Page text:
A day after a potential contempt charge from the SEC and a day before the company must make a $920 million cash bond payment, Tesla stopped taking all orders on its website in anticipation of an announcement at 2 p.m. Pacific time today.
And the announcement is....
As of now, consumers may place orders for a standard Model 3 with a regular interior and a 220-mile battery pack for $35,000. Additionally, Tesla is "shifting all sales online."
That means the company is shutting down "many of its stores" and keeping a "small number of stores in high-traffic locations remaining as galleries, showcases and Tesla information centers."
Tesla claims that shutting stores and other operational efficiencies will result in the ability to "lower all vehicle prices by about 6% on average, allowing us to achieve the $35,000 Model 3 price point earlier than we expected."
Here are some specs on the basic model:
- Top speed of 130 mph
- 0-60 miles per hour acceleration of 5.6 seconds
- Also newly priced is a Model 3 Standard Range Plus, which offers 240 miles of range and a top speed of 140 mph at $37,000 before incentives
The Tesla blog post claims that the company "will be increasing our investment in the Tesla service system, with the goal of same-day, if not same-hour service, and with most service done by us coming to you, rather than you coming to us. Moreover, we guarantee service availability anywhere in any countries in which we operate."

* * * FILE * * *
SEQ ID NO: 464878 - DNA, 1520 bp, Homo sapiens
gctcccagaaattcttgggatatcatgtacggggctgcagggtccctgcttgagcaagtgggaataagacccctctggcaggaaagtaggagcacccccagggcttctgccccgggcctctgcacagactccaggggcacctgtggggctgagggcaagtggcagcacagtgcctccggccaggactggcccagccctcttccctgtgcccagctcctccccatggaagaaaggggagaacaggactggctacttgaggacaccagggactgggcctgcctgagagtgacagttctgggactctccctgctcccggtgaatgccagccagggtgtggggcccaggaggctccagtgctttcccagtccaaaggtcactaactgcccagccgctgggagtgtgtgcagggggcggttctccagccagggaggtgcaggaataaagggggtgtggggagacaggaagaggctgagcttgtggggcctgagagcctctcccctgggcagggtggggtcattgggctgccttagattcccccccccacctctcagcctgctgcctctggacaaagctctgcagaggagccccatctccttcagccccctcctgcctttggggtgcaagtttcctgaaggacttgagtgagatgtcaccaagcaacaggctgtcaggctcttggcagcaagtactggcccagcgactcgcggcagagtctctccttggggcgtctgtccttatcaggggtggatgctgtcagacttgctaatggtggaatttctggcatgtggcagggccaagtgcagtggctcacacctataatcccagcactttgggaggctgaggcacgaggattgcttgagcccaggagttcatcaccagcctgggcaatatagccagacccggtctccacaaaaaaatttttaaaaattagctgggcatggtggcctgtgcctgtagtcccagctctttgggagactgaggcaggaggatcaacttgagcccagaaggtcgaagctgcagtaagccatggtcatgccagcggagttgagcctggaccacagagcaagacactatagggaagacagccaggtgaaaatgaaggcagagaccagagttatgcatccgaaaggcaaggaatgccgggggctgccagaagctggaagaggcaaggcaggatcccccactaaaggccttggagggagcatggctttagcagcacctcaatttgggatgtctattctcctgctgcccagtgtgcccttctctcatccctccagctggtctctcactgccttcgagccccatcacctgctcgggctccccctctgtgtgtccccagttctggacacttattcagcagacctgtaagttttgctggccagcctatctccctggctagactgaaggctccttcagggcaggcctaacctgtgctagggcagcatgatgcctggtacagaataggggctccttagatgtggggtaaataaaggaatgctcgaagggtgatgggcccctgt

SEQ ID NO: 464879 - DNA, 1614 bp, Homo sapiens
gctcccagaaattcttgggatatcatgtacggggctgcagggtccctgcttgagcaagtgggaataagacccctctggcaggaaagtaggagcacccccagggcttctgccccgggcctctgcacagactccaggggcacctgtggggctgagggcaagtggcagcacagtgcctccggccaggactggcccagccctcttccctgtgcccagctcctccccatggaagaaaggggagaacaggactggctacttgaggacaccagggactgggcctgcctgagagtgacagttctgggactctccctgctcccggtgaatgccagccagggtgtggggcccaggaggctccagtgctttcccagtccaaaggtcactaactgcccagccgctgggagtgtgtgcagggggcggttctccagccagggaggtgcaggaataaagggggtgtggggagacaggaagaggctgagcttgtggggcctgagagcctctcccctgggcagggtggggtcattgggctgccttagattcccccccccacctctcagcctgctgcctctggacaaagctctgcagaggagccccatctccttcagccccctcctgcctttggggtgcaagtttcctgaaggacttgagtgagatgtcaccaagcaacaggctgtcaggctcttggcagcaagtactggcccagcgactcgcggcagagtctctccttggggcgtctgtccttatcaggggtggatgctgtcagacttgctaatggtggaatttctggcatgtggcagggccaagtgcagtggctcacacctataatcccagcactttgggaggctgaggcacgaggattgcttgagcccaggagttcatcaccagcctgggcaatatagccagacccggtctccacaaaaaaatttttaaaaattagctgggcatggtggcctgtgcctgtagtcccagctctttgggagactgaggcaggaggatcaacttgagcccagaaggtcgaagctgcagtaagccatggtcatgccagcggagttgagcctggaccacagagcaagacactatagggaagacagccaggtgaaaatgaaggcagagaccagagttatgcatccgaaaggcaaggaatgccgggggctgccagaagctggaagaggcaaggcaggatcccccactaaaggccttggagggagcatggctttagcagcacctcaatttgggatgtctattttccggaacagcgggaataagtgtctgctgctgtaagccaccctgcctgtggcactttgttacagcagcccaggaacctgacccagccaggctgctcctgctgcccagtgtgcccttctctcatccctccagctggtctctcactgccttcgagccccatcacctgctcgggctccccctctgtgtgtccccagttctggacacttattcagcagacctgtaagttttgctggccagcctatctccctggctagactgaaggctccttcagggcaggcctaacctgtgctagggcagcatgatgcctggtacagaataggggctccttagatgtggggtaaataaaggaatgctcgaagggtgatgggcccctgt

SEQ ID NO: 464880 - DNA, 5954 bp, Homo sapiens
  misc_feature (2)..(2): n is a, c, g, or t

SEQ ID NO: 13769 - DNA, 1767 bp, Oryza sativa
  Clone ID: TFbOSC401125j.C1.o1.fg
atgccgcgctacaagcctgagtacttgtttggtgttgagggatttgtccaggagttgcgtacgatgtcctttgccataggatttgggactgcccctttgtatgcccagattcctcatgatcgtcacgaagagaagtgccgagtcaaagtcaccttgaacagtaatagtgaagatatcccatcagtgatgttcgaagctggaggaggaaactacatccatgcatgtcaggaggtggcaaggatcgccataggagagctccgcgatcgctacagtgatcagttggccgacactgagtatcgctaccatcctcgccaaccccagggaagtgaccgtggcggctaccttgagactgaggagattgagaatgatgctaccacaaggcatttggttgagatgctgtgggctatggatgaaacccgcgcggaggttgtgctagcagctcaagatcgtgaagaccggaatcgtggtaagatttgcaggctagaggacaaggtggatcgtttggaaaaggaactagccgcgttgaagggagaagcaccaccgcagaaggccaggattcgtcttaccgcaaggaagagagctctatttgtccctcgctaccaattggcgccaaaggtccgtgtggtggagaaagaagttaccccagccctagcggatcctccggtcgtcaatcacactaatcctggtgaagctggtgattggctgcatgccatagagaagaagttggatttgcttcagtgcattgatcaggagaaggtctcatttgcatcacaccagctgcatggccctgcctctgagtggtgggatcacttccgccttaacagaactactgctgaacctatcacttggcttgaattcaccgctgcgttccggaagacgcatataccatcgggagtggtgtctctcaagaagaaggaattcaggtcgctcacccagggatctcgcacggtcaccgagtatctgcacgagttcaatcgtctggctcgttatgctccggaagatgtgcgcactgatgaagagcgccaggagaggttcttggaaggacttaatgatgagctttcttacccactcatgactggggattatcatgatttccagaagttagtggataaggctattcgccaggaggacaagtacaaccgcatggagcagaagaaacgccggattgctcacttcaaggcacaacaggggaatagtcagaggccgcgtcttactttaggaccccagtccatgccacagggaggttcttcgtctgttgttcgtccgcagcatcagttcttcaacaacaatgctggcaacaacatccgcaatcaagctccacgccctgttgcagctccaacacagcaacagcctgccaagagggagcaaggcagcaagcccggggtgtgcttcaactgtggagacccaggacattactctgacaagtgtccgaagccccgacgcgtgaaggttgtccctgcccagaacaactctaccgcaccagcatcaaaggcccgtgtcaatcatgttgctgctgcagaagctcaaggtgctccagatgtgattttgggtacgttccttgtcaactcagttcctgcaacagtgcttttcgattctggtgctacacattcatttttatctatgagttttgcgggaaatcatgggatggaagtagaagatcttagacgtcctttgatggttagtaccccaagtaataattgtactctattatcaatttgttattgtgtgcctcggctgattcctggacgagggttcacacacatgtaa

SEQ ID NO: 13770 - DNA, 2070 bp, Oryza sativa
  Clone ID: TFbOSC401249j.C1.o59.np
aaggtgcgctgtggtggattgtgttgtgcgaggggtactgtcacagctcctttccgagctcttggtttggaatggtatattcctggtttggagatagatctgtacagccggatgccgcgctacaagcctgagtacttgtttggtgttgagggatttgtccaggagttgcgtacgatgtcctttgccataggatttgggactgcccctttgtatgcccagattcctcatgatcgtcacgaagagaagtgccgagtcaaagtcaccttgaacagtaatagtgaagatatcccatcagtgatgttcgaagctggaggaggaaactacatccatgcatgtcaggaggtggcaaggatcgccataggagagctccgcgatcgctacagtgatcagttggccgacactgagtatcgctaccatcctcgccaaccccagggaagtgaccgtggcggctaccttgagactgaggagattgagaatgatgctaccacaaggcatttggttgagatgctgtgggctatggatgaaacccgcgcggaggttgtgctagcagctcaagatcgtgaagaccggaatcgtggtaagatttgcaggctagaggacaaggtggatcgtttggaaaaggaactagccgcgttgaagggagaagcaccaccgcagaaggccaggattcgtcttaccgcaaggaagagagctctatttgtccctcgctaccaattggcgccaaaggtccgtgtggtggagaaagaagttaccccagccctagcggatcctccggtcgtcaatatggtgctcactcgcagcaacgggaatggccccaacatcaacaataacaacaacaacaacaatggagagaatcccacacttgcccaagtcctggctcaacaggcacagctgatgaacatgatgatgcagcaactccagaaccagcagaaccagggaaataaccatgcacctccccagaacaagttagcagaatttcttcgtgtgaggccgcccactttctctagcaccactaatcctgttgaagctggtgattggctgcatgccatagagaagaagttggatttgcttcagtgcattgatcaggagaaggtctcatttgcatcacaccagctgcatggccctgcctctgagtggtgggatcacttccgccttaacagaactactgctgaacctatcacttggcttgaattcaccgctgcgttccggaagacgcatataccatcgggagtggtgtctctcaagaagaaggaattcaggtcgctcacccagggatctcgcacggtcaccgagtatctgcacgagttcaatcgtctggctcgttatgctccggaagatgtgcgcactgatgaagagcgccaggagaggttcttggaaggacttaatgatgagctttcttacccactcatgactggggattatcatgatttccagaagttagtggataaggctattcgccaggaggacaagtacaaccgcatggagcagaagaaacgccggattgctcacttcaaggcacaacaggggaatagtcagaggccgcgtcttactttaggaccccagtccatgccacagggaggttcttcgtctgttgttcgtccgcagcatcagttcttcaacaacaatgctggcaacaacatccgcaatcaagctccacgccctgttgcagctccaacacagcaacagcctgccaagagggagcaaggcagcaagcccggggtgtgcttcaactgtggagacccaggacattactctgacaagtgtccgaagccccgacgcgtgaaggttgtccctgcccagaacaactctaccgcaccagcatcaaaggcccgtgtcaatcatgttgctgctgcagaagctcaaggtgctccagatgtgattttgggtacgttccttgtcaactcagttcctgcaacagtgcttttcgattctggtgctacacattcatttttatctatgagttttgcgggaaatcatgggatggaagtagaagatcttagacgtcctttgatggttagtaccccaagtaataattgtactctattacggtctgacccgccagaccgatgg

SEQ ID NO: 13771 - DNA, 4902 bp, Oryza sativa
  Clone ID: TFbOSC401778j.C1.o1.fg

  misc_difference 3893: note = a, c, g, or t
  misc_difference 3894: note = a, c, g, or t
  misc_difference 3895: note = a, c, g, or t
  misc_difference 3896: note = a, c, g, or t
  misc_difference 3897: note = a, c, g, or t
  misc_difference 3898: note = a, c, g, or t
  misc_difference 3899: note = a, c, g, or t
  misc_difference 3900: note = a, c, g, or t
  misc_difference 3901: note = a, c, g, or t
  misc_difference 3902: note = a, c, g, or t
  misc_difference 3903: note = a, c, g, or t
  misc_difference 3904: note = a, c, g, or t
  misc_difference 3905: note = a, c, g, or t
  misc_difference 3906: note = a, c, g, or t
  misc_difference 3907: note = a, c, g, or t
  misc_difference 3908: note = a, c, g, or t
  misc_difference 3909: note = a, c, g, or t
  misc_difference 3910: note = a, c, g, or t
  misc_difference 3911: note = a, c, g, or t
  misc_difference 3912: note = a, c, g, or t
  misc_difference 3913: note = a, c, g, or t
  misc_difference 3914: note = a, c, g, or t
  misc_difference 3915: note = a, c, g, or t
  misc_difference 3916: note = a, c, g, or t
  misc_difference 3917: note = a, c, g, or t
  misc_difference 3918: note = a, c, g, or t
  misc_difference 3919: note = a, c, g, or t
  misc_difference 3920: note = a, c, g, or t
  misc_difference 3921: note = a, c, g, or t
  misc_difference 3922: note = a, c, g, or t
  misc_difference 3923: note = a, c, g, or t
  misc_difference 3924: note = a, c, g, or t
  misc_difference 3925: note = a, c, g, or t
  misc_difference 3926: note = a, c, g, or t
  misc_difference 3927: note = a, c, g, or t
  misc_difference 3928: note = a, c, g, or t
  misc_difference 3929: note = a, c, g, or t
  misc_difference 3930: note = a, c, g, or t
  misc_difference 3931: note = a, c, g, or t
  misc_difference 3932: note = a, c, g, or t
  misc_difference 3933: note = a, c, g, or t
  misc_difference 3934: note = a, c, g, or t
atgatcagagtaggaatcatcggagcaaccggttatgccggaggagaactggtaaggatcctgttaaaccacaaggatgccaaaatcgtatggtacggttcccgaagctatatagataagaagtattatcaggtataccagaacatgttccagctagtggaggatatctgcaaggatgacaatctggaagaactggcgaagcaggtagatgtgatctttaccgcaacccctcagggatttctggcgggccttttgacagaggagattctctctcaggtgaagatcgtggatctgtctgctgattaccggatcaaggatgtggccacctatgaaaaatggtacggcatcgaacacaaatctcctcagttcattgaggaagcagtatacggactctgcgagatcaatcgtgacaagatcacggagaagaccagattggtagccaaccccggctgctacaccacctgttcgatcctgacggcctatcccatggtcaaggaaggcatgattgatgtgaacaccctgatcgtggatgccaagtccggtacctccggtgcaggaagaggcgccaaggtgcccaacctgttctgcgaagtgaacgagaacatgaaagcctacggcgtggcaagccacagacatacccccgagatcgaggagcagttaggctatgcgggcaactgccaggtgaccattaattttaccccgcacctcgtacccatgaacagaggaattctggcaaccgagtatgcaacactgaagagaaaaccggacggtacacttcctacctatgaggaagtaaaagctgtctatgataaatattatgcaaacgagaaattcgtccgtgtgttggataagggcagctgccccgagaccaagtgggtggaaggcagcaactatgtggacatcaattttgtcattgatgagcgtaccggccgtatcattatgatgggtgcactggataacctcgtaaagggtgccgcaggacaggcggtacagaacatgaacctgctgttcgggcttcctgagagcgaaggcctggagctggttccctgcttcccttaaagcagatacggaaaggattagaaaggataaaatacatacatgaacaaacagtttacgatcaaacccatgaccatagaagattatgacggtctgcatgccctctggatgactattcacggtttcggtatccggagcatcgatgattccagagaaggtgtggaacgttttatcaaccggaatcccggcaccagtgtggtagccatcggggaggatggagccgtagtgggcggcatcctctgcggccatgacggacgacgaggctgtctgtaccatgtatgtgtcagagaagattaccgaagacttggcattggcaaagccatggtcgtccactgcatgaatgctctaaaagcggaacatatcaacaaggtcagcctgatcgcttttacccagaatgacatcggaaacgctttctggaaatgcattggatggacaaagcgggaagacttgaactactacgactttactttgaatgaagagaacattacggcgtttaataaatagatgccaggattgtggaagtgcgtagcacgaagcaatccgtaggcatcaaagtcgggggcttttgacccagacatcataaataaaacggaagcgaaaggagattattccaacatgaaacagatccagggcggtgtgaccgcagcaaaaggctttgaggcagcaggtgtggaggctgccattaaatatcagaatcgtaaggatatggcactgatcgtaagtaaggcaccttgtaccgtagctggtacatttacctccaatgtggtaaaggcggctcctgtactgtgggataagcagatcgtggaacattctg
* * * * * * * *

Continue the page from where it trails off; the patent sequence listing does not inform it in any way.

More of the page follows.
The real question is, can Tesla make a profit selling a car at $35,000?
There's a press conference in the works, and we'll report on any developments as they happen.
It's been an eventful month for the wildly popular electric vehicle maker.
- The SEC asked a judge to hold Tesla CEO Elon Musk in contempt for reckless tweeting and violating the settlement stemming from Musk’s “420-funding-secured” episode. (Contempt filing here.)
- Tesla announced plans to acquire Maxwell Technologies, an established, 380-employee ultracapacitor and storage materials firm for $218 million in an all-stock deal.
- Tesla has a convertible bond that will need to be settled with $920 million in cash tomorrow.
- Consumer Reports dropped its recommendation on the Model 3 (and a number of other auto models), citing a lapse in reliability.
- Tesla’s general counsel resigned after only two months on the job.
- There are continued reports of customer service hell in the U.S., Germany and Austria.
- Enormous cash penalties could be imposed if employment targets aren't met at Tesla’s Buffalo factory.
- Tesla had layoffs affecting 7 percent of staff across the company in January.
Tesla will need some stellar sales performances in Europe and China this quarter to deliver on Musk’s promise of 50 percent growth in 2019 and quarterly profits.